A couple of weeks ago I was watching the House Proud section on the Nate Berkus show and saw these amazing pictures from Fitzhugh and Lyndsay's home in Brooklyn, NY. They use reclaimed pieces in their design and the beauty of the pieces against the soft, light-filled space is breathtaking.
I particularly loved this picture of their reclaimed wood dining room table with the gorgeous mirror in the background nestled amongst their wall to wall shelves.
But the picture that stopped me in my tracks was this one of their bathroom door. The rustic, honey colored wood and the iron fixtures are gorgeous and make a beautiful statement that just so happens to have a bathroom hiding behind it.
It got me thinking about my own living room and the missing layer it seems to have when it comes to character. I wanted to find a reclaimed piece to potentially use as art, but where could I even start the process if I didn't feel like traipsing out to every flea market and antique show in New England?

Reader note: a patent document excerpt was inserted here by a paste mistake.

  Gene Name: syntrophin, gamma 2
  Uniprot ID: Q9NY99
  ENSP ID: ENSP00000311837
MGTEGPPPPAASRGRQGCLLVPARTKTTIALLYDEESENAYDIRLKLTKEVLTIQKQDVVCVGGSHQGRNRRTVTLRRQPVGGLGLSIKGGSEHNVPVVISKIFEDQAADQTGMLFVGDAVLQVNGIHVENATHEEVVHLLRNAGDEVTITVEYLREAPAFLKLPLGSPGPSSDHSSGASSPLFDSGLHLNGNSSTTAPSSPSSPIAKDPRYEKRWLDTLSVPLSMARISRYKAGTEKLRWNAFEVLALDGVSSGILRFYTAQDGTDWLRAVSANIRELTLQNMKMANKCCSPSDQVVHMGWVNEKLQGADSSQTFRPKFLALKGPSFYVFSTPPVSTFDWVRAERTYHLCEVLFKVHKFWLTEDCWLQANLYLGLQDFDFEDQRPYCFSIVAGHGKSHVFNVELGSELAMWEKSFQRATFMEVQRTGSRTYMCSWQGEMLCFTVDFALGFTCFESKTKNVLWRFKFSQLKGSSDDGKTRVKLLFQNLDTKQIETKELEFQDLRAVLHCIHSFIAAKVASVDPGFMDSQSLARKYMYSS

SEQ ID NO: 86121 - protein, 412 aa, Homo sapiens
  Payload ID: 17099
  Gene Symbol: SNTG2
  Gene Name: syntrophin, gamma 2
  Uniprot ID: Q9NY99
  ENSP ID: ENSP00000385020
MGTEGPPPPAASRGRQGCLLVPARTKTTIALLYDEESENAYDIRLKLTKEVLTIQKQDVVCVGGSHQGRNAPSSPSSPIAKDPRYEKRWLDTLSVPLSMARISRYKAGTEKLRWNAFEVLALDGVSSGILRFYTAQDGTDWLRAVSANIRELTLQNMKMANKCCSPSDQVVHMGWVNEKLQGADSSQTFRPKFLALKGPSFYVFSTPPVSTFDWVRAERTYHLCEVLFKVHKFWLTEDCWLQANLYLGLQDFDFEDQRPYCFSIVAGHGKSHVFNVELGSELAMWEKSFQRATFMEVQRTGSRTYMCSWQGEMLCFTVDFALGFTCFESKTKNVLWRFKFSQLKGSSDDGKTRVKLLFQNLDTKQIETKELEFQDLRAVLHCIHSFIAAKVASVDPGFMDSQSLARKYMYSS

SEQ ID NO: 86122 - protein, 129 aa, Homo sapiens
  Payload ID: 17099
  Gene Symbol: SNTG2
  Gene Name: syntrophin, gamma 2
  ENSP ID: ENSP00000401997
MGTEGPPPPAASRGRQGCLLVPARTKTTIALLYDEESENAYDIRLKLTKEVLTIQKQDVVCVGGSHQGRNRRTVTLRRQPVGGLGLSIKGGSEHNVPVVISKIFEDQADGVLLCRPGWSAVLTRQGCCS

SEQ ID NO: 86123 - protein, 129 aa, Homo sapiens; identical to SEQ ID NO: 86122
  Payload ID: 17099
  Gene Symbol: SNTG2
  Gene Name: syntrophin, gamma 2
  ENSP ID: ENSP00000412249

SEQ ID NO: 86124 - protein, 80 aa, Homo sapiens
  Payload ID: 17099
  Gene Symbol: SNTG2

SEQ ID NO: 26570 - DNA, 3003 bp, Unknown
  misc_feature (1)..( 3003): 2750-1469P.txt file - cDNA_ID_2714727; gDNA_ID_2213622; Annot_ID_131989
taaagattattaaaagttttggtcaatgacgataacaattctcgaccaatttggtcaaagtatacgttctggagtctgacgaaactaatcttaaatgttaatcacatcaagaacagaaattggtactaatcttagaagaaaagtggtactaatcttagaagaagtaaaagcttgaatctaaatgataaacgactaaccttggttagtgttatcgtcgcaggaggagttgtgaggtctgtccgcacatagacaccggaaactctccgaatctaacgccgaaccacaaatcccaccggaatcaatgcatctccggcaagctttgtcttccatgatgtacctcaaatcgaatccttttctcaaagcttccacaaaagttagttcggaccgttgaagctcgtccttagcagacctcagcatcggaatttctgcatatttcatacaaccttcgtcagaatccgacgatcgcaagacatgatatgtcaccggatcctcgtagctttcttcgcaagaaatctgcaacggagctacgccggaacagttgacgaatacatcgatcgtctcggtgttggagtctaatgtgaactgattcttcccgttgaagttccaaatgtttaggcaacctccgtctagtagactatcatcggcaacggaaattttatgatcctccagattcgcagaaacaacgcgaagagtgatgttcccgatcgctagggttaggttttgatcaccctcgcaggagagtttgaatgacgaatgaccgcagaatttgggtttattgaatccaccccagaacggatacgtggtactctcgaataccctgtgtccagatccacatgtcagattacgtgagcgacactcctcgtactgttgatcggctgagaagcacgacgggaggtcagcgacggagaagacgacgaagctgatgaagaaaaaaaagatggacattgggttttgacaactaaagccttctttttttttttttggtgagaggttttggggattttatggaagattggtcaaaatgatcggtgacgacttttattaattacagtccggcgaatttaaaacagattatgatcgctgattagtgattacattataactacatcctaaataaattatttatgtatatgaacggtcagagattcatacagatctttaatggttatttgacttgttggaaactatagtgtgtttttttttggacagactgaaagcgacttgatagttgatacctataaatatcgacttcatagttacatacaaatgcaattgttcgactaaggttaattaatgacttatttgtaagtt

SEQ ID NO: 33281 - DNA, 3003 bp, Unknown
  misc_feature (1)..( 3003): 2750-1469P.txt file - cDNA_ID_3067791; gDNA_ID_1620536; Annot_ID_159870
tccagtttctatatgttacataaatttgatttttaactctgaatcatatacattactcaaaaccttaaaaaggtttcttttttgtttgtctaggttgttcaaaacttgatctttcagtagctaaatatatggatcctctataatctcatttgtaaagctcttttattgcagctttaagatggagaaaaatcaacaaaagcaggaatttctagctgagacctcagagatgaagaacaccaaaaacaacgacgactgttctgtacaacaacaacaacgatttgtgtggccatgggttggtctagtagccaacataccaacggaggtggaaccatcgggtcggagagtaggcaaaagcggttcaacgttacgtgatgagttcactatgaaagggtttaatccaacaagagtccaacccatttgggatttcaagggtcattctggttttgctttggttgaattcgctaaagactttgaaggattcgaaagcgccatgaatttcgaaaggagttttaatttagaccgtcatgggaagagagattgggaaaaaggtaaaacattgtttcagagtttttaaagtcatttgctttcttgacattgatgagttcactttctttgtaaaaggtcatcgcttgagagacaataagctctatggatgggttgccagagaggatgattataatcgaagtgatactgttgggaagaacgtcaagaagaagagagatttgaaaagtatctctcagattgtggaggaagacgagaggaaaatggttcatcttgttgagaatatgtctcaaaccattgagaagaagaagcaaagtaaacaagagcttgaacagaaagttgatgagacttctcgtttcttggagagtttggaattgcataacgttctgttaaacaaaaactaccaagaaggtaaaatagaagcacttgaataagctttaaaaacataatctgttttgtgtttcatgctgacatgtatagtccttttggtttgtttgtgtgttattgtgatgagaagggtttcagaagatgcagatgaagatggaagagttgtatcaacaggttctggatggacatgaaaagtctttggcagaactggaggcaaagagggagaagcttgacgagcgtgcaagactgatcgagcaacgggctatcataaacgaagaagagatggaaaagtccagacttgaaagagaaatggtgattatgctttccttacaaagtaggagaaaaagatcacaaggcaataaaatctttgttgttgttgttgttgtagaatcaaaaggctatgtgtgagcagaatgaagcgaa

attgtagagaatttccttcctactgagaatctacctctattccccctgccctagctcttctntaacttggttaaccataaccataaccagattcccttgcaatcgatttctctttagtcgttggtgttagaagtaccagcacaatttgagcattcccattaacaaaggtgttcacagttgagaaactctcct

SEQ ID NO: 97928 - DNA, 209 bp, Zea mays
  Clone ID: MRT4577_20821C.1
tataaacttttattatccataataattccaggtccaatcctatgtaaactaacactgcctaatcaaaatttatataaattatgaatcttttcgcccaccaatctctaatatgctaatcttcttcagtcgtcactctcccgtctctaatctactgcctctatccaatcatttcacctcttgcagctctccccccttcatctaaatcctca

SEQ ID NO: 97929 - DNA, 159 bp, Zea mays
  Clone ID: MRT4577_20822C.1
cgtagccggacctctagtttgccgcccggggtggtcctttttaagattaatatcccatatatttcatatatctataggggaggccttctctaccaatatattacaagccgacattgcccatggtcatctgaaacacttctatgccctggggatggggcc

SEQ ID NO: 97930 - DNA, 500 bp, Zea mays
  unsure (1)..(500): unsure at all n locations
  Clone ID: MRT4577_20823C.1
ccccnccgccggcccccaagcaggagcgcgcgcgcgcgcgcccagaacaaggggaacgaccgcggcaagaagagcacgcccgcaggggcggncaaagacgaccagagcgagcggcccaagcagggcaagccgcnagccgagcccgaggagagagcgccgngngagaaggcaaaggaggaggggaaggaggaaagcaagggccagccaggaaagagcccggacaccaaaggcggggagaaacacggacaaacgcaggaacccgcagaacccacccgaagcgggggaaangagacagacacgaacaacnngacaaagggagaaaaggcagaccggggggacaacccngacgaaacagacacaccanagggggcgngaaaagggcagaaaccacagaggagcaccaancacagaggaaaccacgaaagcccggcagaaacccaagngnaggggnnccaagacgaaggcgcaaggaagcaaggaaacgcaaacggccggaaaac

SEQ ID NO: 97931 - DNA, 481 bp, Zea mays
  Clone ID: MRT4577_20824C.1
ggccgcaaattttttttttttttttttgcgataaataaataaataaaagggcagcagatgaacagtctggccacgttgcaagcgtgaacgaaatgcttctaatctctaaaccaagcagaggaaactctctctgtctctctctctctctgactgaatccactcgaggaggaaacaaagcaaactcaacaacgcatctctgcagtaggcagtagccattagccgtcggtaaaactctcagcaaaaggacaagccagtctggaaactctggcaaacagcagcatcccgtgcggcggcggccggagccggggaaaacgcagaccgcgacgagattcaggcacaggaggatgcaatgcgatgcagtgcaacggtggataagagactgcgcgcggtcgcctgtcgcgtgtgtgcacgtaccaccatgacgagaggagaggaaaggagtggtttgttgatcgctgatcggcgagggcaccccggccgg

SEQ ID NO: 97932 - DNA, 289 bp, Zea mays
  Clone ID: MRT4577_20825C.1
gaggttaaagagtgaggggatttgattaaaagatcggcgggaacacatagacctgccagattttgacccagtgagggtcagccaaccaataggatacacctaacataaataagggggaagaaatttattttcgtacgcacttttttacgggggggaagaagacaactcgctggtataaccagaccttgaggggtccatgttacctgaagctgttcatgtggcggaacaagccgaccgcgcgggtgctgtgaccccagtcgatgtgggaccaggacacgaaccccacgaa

Well, it just so happens that Historic Houseparts in Rochester, NY has an amazing website for us armchair slavagers…here's a blurb from their site:
Historic Houseparts, located in Rochester, New York, was established in 1980 in response to the abundance of "rehabbing" that had begun in our area. The main source of inventory at Houseparts is salvage of pre-1940 buildings that are being demolished in the western New York region. we also buy merchandise from individuals who are renovating older homes.
Houseparts inhabits a three-story brick row house built in 1890, and we have recently expanded into a neighboring warehouse. The Houseparts inventory covers 14,000 sq. ft. , with new items arriving daily. In addition to the large selection of salvaged items, Houseparts also offers quality reproduction items, restoration supplies, refinishing products, books, magazines and gift items.
Just look at these amazing items I found in just a super-quick look around their store:
Everything from antique bathroom fixtures to old doors; beautiful old windows to tubs; mailboxes, finnials, hardware, cabinets…you name it. I just might find the perfect piece for my living room so I can be house proud too.
What's your favorite salvaged goods resource?